May 28, 2020 - Politics & Policy

Minnesota activates National Guard amid fallout from George Floyd death

A portrait of George Floyd hangs on a street light pole in Minneapolis.

A portrait of George Floyd hangs on a street light pole in Minneapolis. Photo: Stephen Maturen/Getty Images

George Floyd, 46, moved to Minnesota to improve his life and become his "best self," but instead, he is dead because of Minneapolis police.

The latest: Minnesota Gov. Tim Walz declared a state of emergency and activated the state's National Guard in response to violent clashes over the past two days between police and protesters in the Twin Cities.

What they're saying: "They executed my brother in broad daylight," George Floyd's brother Philonise told CNN on Thursday. "I'm tired of seeing black men die."

Why it matters: "It's both necessary, and at this point, pedestrian to observe that policing in this country is mediated by race," Jelani Cobb writes for The New Yorker.

The tale of the tapes:

  • The Minneapolis police didn't tell the truth in their initial press release, claiming Floyd, a black man, resisted arrest. They also omitted that an officer pinned him to the ground by the neck. (He was originally stopped for a nonviolent offense.)
  • Two subsequent tapes put an end to those lies. Floyd could be heard on one video saying that his neck hurt and that he couldn't breathe: "They're going to kill me."
  • The police then treated protesters like insurgents instead of citizens, using flashbangs, tear gas and rubber bullets to disperse protests — which became riots.
  • Those riots destroyed property and resulted in another death, but at the beginning of that story is the murder of a black man by police officers.
  • "I've wrestled with, more than anything else over the last 36 hours," said Minneapolis Mayor Jacob Frey, "Why is the man who killed George Floyd not in jail?"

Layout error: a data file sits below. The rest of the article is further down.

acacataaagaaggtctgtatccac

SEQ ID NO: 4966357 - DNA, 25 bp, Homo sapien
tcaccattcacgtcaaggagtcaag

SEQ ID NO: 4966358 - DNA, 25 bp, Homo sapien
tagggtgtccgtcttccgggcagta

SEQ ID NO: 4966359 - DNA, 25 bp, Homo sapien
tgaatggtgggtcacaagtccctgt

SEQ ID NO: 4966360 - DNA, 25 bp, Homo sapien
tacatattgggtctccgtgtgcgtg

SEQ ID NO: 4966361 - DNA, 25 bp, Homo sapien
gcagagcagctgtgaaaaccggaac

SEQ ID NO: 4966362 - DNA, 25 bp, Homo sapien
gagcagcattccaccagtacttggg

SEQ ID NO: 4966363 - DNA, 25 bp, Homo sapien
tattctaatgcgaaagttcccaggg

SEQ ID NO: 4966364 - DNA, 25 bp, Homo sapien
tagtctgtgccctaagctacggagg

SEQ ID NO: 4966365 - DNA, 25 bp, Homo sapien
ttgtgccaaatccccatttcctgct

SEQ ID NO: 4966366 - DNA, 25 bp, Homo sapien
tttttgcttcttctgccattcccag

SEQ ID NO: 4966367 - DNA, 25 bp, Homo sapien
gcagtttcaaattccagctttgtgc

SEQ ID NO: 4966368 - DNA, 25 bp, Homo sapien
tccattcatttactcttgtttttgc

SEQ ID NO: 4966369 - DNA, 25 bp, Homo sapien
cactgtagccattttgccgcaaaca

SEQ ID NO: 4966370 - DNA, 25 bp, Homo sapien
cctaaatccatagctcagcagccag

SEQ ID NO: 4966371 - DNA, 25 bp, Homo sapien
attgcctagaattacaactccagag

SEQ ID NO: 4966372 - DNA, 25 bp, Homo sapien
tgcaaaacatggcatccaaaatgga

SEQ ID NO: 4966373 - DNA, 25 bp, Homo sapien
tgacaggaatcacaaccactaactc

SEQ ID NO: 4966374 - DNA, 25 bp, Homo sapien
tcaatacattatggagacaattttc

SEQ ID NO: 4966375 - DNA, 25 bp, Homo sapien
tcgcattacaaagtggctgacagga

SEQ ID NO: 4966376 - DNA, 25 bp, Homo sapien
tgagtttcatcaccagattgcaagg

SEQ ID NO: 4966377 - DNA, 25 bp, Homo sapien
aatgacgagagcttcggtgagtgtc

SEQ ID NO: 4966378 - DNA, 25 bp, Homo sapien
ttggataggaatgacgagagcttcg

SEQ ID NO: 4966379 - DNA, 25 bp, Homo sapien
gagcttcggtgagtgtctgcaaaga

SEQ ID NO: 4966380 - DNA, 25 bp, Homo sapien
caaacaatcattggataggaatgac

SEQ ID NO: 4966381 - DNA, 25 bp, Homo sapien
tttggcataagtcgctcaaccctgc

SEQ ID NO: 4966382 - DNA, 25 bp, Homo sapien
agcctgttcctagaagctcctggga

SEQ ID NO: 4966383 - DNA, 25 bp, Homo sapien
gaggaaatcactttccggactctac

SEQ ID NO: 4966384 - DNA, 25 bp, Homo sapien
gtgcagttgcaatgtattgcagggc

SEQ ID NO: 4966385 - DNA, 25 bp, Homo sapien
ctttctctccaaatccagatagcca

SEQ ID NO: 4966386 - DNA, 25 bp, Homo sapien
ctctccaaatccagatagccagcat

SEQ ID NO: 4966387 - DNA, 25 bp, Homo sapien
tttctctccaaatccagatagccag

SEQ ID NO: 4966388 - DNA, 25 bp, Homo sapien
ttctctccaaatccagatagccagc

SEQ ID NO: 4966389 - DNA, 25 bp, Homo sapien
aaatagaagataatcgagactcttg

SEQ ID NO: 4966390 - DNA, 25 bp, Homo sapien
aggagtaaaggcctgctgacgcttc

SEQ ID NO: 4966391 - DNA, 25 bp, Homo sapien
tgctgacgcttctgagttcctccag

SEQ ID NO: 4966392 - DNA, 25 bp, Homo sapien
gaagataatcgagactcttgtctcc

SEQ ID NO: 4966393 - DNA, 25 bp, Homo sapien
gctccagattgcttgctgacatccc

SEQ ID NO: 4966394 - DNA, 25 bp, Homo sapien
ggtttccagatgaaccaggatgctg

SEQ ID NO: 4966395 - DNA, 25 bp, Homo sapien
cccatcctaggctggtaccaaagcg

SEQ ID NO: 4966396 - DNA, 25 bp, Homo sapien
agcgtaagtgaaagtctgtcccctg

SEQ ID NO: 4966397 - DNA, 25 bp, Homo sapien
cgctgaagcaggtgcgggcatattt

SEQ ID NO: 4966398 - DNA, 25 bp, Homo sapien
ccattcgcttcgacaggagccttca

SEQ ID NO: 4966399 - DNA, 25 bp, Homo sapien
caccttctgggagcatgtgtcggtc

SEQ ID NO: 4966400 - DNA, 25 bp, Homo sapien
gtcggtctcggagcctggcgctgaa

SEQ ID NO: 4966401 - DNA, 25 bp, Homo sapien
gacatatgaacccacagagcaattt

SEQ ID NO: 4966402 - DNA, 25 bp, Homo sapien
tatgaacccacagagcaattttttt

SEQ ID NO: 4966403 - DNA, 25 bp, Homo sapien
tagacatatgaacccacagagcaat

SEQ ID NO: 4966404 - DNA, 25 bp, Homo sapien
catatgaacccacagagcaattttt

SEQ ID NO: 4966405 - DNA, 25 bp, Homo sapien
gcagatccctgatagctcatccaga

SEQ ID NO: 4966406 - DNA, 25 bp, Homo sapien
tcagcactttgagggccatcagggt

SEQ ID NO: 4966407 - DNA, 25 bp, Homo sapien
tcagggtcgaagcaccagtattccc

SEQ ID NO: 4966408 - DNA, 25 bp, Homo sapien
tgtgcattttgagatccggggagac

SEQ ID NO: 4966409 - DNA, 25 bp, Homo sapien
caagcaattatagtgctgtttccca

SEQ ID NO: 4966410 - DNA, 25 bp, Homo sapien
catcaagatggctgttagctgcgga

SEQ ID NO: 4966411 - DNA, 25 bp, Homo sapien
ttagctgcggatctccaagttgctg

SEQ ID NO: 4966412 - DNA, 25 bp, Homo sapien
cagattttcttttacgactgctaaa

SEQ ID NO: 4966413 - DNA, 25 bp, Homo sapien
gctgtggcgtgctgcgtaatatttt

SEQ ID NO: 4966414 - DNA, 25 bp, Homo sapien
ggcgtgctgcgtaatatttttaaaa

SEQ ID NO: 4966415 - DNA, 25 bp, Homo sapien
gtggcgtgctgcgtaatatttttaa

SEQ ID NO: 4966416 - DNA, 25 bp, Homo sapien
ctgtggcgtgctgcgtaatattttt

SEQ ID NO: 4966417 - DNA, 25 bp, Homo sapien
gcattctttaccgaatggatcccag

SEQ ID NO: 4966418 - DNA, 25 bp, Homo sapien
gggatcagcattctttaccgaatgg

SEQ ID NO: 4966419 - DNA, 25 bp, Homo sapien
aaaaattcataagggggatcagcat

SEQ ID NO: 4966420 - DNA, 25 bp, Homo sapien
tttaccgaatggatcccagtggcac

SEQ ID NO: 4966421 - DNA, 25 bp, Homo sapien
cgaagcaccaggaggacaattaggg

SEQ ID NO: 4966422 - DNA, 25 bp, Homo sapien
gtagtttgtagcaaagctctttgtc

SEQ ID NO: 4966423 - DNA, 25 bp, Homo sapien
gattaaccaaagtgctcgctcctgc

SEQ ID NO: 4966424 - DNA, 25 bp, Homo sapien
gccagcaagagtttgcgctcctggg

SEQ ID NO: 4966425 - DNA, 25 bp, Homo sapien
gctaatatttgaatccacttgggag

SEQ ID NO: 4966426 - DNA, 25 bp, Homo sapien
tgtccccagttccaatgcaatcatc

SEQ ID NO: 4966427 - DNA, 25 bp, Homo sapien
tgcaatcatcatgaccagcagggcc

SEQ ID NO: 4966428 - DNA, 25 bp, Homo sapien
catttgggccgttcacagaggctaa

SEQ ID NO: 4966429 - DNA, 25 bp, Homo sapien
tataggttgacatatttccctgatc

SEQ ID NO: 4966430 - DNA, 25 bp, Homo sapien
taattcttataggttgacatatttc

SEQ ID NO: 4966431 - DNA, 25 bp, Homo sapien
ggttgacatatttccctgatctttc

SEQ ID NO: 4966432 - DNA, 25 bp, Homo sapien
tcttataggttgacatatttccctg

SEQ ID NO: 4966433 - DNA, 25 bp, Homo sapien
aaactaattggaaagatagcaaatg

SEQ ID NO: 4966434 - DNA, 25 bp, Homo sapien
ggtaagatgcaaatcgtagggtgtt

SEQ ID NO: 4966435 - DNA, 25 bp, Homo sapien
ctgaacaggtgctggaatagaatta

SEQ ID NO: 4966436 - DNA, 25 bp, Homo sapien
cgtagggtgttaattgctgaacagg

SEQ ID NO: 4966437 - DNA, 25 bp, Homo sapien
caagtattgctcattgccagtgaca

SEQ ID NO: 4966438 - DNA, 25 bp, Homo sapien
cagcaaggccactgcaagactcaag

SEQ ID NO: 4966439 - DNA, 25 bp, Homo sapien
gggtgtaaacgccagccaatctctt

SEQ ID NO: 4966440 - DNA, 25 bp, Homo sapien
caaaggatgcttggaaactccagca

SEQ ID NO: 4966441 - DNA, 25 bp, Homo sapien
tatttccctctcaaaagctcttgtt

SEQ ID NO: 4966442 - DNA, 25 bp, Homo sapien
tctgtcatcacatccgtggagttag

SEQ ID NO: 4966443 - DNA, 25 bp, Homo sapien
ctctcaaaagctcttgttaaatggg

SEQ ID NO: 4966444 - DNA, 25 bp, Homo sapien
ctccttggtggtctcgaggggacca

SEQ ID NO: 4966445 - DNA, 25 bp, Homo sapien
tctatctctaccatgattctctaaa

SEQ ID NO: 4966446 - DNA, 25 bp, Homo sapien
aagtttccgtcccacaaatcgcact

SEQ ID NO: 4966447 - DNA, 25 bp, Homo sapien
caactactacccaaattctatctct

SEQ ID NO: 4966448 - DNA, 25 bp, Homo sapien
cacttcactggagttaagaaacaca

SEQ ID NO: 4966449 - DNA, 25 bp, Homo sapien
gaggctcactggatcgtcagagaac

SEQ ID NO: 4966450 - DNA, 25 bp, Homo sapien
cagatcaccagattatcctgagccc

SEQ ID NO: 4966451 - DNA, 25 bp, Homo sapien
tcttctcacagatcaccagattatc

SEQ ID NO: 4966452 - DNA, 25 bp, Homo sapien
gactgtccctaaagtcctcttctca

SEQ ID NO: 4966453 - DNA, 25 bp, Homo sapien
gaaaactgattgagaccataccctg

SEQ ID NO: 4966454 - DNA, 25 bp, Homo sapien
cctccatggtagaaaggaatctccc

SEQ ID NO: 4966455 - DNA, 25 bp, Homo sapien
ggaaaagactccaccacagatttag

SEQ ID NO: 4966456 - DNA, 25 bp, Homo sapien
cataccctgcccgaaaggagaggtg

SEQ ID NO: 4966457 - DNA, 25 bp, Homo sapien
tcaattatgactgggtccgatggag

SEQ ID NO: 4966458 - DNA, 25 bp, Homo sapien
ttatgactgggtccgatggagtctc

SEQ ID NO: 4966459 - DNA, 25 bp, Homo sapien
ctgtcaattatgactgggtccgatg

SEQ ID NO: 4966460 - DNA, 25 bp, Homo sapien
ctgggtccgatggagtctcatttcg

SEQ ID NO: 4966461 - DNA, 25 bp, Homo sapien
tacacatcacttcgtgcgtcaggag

The big picture: Floyd is one of far too many black men who die every year at the hands of police officers.

  • The only reliable statistics that exist are because of years of hard work by activists and reporters, not police departments.
  • And those are just the statistics of killings, leaving out the incidents that don't end in death but nevertheless destroy relations and leave individuals with mental and physical scars.
  • The cops who are fired for bad behavior are often rehired because of their unions or move to other police departments in other towns. Few are prosecuted, frustrating activists and victims alike.

What's next: The Justice Department said Thursday that the case is a "top priority," and President Trump wants "justice to be served," White House press secretary Kayleigh McEnany said this afternoon.

  • The four Minneapolis officers — Derek Chauvin, Thomas Lane, Tou Thao and J. Alexander Kueng — have been fired.
  • "I would like for those officers to be charged with murder because that's exactly what they did," his sister Bridgett Floyd told the "Today" show.

The bottom line: Floyd, who worked security at a restaurant, "was loved by all my employees and my customers," owner Jovanni Thunstrom told CNN.

  • "He was my friend."
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